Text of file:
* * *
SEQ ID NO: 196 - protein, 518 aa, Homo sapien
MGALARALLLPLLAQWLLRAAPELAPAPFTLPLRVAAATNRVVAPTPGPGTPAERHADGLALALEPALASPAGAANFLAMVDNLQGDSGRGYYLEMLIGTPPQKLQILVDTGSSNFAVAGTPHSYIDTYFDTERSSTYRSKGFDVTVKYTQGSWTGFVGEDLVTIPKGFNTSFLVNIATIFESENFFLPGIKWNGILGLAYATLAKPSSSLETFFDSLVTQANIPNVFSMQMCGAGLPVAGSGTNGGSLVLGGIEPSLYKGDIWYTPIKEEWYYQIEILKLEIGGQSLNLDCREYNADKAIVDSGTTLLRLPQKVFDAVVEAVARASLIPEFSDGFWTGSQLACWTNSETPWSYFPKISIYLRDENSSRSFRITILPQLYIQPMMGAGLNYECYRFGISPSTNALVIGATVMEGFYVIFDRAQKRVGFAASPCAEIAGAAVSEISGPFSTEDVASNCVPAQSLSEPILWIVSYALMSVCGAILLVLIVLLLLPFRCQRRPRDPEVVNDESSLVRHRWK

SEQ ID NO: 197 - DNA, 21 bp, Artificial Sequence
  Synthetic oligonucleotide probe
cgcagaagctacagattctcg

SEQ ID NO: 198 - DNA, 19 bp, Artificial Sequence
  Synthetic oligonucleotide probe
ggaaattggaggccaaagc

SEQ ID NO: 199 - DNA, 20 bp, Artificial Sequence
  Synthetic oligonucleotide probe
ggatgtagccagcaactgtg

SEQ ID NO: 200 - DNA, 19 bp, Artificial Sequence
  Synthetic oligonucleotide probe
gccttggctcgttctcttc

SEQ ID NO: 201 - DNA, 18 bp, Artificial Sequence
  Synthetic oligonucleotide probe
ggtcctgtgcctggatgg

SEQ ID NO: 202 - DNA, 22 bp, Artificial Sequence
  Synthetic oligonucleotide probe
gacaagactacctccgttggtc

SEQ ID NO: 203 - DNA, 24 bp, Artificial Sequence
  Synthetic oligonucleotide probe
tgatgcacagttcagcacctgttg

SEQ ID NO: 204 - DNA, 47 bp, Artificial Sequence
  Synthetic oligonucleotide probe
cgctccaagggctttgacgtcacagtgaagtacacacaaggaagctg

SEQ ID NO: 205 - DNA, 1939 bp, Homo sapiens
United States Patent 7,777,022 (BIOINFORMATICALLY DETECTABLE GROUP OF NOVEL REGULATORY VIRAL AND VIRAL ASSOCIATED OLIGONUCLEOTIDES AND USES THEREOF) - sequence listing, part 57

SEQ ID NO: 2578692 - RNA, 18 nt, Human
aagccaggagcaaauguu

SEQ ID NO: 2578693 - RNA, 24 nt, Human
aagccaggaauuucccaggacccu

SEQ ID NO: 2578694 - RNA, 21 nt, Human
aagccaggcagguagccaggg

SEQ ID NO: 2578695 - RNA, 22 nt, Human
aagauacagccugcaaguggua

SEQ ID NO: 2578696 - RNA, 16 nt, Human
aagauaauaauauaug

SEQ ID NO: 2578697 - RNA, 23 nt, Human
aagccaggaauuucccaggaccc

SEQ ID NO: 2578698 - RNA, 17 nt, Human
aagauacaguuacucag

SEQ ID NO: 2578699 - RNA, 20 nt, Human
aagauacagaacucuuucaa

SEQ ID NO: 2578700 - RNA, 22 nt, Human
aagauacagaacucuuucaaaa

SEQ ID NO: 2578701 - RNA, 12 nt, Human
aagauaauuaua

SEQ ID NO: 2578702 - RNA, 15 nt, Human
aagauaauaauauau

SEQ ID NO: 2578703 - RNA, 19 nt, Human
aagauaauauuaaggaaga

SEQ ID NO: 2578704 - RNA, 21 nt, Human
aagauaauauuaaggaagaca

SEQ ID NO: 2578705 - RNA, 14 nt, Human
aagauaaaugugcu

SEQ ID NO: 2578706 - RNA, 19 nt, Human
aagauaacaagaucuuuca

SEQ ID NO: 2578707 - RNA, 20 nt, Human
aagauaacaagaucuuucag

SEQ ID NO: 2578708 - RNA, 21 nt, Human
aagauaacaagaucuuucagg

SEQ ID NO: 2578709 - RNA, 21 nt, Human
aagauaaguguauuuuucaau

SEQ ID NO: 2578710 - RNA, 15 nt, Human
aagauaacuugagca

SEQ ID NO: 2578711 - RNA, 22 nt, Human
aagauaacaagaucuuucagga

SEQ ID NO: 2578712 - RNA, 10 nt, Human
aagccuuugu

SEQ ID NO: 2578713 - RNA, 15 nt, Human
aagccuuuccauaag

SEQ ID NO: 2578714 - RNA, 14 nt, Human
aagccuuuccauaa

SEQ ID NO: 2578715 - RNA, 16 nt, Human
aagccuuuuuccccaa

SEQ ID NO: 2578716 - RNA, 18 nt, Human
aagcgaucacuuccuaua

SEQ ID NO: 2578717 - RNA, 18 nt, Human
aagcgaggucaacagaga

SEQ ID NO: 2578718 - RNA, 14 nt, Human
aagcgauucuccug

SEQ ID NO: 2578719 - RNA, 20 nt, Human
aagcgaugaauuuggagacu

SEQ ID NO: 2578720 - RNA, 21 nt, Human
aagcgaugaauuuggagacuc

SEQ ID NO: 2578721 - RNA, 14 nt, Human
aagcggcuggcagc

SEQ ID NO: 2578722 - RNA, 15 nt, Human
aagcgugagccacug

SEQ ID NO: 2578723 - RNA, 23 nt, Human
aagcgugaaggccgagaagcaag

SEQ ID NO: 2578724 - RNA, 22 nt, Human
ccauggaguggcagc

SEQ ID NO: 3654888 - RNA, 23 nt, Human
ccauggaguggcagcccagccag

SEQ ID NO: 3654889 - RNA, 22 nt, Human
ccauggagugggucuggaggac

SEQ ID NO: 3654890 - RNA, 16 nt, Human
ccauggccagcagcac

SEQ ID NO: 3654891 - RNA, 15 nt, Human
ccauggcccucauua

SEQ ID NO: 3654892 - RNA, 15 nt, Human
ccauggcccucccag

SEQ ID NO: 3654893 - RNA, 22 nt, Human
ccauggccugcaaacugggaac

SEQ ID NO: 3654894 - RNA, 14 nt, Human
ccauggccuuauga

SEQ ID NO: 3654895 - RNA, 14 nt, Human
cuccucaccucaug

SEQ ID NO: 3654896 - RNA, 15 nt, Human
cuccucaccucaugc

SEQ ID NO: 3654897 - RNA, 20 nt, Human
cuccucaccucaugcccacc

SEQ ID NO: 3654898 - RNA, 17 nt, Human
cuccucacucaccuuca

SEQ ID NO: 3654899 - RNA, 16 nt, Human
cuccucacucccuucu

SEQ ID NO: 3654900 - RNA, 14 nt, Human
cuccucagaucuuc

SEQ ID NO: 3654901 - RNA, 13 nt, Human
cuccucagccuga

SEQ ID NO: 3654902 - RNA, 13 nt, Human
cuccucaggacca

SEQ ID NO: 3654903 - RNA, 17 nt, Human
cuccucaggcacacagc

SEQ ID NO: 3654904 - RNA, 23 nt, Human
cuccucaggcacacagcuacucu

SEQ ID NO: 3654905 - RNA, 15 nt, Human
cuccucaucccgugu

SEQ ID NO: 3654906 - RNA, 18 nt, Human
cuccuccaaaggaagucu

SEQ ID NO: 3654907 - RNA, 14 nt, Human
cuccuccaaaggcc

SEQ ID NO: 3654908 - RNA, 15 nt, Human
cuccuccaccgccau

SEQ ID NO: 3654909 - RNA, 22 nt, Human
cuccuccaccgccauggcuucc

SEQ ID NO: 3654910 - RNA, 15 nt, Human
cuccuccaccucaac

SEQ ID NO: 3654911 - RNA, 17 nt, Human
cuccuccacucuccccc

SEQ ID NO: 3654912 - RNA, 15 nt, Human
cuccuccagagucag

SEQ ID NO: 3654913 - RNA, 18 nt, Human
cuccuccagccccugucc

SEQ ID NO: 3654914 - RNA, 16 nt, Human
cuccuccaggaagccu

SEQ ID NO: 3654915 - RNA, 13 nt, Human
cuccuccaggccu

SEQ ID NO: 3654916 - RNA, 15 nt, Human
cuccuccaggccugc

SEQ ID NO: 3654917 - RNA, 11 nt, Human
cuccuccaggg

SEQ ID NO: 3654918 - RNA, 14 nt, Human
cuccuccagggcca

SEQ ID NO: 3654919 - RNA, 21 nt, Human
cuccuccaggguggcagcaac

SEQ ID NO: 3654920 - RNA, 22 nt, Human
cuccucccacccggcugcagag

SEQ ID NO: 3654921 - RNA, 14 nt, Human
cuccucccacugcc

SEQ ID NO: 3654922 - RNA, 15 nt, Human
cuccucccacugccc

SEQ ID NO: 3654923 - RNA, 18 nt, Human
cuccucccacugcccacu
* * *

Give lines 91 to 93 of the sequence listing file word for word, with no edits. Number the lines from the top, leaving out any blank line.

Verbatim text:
SEQ ID NO: 2578723 - RNA, 23 nt, Human
aagcgugaaggccgagaagcaag

SEQ ID NO: 2578724 - RNA, 22 nt, Human